The seismic particle velocity response to footsteps was shown to be site specific and the characteristic frequency band was 20-90 Hz.What does heavy footsteps mean? ›
(ˈheviˈfutɪd) adjective. clumsy or ponderous, as in movement or expressiveness.What type of word is footsteps? ›
Footsteps is a noun - Word Type.What is the collection of footsteps called? ›
A "trackway" is a set of footprints in soft earth left by a life-form; animal tracks are the footprints, hoofprints, or pawprints of an animal.What is one word for walking quietly? ›
creep to walk slowly and without making any noise, because you don't want people to hear or notice you: He crept out of his bedroom and down the stairs. I heard someone creeping about.
What's a word for walking slowly? ›
saunter. verb. to walk in a slow and relaxed way.How do you silence footsteps? ›
Keep your body compact, and distribute your weight evenly so you don't clunk your feet noisily against the ground. Walk toe to heel. Place the toe of your foot down first and slowly, gently roll your foot toward your heel and onto the ground. Your body weight should rest primarily over your back leg.How would you describe the act of walking? ›
Walking is defined by an 'inverted pendulum' gait in which the body vaults over the stiff limb or limbs with each step. This applies regardless of the usable number of limbs—even arthropods, with six, eight, or more limbs, walk.What is the word for walking tempo? ›
The word andante, particularly common in classical music, is sometimes described as "at a walking pace." An andante movement in a symphony is faster than adagio but slower than allegro.What is the speed of sound in feet? ›
At 0° Centigrade and 1.013 x 105 Newtons per square meter (normal atmospheric pressure), the speed of sound is 331.5 meters/sec, i.e. 1087 ft/sec or 740 miles/hour. At 20°C (68°F) the speed is 1130 ft/sec or 344 m/sec.How do you write running feet? ›
- You can place the inch-tape at one end of the wall.
- Drag it to the other edge.
- Note down the length, that's it. This is the running feet of the wall.
The O in the words“who” and “shoe” also produces the “oo” sound.What are the sounds of words? ›
Each sound that you hear in a word is a Phoneme. It's the smallest unit of sound that makes up a complete word. This is not to be confused with the letter itself; Phonemes are only the sounds made. It's important to understand that Phonemes can be made of more than one letter.How many sounds are in a word? ›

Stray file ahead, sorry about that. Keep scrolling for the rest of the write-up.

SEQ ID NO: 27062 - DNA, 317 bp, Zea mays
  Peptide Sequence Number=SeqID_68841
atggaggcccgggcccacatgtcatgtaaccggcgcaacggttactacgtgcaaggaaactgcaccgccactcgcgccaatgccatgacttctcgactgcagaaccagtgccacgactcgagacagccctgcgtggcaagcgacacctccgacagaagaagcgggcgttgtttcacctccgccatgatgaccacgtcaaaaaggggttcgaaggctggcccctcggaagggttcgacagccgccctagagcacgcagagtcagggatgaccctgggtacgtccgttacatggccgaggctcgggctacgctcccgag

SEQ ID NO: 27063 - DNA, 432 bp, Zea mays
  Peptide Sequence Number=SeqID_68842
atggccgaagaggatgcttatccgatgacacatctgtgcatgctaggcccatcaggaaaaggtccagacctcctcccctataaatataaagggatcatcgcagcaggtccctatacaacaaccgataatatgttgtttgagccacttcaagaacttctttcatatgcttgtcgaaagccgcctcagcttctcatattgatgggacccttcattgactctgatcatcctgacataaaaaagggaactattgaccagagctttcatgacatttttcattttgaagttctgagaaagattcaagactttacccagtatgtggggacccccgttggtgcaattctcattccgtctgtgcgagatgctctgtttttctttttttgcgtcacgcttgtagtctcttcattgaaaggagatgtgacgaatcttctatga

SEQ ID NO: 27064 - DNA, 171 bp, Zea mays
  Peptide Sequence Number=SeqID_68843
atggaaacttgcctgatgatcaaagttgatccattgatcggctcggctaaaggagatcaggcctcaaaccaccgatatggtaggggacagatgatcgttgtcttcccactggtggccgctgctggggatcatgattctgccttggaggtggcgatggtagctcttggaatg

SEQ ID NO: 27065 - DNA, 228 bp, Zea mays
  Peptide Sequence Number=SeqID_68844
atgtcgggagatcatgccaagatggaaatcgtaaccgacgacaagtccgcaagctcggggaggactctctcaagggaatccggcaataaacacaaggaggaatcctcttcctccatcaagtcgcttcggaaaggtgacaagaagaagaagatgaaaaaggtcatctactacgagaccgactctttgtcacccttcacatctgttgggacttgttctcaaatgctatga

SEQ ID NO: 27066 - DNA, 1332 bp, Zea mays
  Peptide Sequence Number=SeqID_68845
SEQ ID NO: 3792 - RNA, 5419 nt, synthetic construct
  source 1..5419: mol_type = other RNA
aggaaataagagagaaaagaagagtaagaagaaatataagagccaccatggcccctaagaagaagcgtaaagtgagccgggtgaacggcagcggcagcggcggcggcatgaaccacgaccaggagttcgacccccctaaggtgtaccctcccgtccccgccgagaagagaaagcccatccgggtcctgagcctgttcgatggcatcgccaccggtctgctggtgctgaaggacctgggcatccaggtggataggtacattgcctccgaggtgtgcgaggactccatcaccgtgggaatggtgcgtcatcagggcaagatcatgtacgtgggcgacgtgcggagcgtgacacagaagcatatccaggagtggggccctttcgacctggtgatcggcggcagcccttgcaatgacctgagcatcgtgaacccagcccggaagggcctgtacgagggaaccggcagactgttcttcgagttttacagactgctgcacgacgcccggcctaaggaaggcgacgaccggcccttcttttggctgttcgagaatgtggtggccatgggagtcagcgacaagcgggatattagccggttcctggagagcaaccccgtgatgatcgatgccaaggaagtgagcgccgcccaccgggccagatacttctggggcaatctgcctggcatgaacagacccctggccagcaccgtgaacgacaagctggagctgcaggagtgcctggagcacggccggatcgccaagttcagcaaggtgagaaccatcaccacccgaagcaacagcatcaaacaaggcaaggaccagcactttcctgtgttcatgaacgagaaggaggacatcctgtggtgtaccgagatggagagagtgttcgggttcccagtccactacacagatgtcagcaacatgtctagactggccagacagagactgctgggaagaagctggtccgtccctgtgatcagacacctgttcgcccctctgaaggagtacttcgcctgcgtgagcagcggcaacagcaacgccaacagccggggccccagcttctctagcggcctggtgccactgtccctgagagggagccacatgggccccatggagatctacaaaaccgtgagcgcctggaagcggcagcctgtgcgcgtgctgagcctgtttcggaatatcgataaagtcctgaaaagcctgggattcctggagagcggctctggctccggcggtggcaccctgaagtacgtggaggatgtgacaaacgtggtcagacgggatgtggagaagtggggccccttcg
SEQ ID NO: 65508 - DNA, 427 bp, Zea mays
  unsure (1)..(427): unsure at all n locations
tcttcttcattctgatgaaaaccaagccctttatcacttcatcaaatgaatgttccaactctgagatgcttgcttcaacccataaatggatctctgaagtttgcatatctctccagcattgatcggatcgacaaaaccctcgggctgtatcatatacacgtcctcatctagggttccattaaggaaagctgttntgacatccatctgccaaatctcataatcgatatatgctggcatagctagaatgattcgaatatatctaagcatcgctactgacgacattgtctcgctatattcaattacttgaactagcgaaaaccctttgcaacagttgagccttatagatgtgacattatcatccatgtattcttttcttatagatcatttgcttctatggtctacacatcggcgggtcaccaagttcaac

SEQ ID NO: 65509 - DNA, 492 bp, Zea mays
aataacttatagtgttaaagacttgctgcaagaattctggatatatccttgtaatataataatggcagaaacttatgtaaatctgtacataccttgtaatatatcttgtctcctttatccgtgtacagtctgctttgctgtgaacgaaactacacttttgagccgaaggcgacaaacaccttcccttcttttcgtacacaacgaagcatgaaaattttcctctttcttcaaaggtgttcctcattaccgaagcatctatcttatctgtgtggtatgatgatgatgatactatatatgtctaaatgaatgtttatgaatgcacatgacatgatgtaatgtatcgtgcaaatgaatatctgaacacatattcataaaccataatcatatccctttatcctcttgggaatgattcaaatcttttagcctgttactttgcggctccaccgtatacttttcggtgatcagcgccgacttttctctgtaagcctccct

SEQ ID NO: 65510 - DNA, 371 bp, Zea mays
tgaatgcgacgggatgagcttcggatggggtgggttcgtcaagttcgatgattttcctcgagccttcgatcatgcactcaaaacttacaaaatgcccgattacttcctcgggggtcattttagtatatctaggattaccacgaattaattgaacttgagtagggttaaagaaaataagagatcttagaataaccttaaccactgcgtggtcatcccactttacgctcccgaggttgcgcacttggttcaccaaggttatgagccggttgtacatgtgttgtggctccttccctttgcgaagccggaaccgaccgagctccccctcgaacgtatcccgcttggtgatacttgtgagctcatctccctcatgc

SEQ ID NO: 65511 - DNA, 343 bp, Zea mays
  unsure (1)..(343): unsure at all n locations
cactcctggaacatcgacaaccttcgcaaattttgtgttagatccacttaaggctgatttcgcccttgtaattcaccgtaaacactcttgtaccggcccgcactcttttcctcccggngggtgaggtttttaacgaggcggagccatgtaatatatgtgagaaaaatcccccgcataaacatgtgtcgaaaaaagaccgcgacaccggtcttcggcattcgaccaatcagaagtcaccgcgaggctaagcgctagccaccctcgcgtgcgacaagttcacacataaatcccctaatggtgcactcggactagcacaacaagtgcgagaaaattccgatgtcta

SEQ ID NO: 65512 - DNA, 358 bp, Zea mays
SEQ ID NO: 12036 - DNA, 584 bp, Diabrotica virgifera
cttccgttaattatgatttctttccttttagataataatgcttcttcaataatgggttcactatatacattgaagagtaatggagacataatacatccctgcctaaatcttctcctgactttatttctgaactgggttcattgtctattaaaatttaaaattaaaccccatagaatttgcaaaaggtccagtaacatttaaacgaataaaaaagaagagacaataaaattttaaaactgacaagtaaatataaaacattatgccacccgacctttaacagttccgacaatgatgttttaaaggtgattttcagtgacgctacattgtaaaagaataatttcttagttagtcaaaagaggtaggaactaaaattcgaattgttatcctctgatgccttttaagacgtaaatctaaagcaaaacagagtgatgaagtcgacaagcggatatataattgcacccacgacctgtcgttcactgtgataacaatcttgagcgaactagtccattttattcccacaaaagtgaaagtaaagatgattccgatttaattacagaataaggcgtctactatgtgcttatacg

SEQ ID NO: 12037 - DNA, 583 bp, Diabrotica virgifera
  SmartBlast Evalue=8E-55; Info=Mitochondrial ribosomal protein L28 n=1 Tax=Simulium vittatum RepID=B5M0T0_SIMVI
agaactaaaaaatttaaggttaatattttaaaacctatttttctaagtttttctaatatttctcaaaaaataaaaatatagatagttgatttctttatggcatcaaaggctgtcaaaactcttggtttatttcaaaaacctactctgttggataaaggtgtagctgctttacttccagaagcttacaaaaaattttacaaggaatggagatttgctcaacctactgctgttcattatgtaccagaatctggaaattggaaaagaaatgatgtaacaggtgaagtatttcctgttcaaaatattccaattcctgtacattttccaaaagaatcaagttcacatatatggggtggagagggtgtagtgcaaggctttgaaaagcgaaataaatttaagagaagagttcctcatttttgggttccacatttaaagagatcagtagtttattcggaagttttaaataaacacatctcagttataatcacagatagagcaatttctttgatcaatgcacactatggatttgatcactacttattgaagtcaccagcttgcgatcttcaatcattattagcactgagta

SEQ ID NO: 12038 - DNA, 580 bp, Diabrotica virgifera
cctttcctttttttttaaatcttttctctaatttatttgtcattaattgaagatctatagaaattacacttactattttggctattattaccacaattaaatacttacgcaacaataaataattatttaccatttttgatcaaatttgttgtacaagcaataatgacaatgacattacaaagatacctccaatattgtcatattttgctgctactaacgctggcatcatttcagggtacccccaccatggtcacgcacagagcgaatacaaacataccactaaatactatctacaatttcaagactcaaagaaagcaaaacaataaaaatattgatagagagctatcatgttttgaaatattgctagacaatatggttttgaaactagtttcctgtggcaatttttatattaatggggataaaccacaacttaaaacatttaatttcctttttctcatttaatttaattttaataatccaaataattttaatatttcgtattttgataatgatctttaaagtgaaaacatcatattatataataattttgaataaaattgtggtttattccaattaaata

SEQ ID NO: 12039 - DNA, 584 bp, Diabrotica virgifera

Despite there being just 26 letters in the English language there are approximately 44 unique sounds, also known as phonemes. The 44 sounds help distinguish one word or meaning from another. Various letters and letter combinations known as graphemes are used to represent the sounds.What are 44 sounds in English? ›
English contains 19 vowel sounds—5 short vowels, 6 long vowels, 3 diphthongs, 2 'oo' sounds, and 3 r-controlled vowel sounds—and 25 consonant sounds. The following lists provide sample words to use when teaching the sounds of the English language.
Why do my feet make noise when I walk? ›
If you hear crunching when walking or flexing your ankles, you probably have osteoarthritis. That's when the protective cartilage between bones wears down, and two bones rub against each other. It's a common condition in older adults that can affect your toes and feet as well as your ankles.What is the sound of something falling to the ground? ›
Thud. The sound of something heavy falling and hitting the ground.What is muddy sound? ›
One of the most common complaints from people new to mixing is, “my mix sounds muddy.” It's frustrating—muddy sound means a lack of clarity and definition with poor separation between instruments.What are 5 synonyms walking? ›
Procedure To Do “8” Shaped Walking Exercise:
Walk North to South and South to North clockwise and anticlockwise 15 minutes each. Practice “8” shaped walking first and then you may do some simple exercise and breathing exercise. During this walk we will necessarily concentrate on walking in the 8 shape line.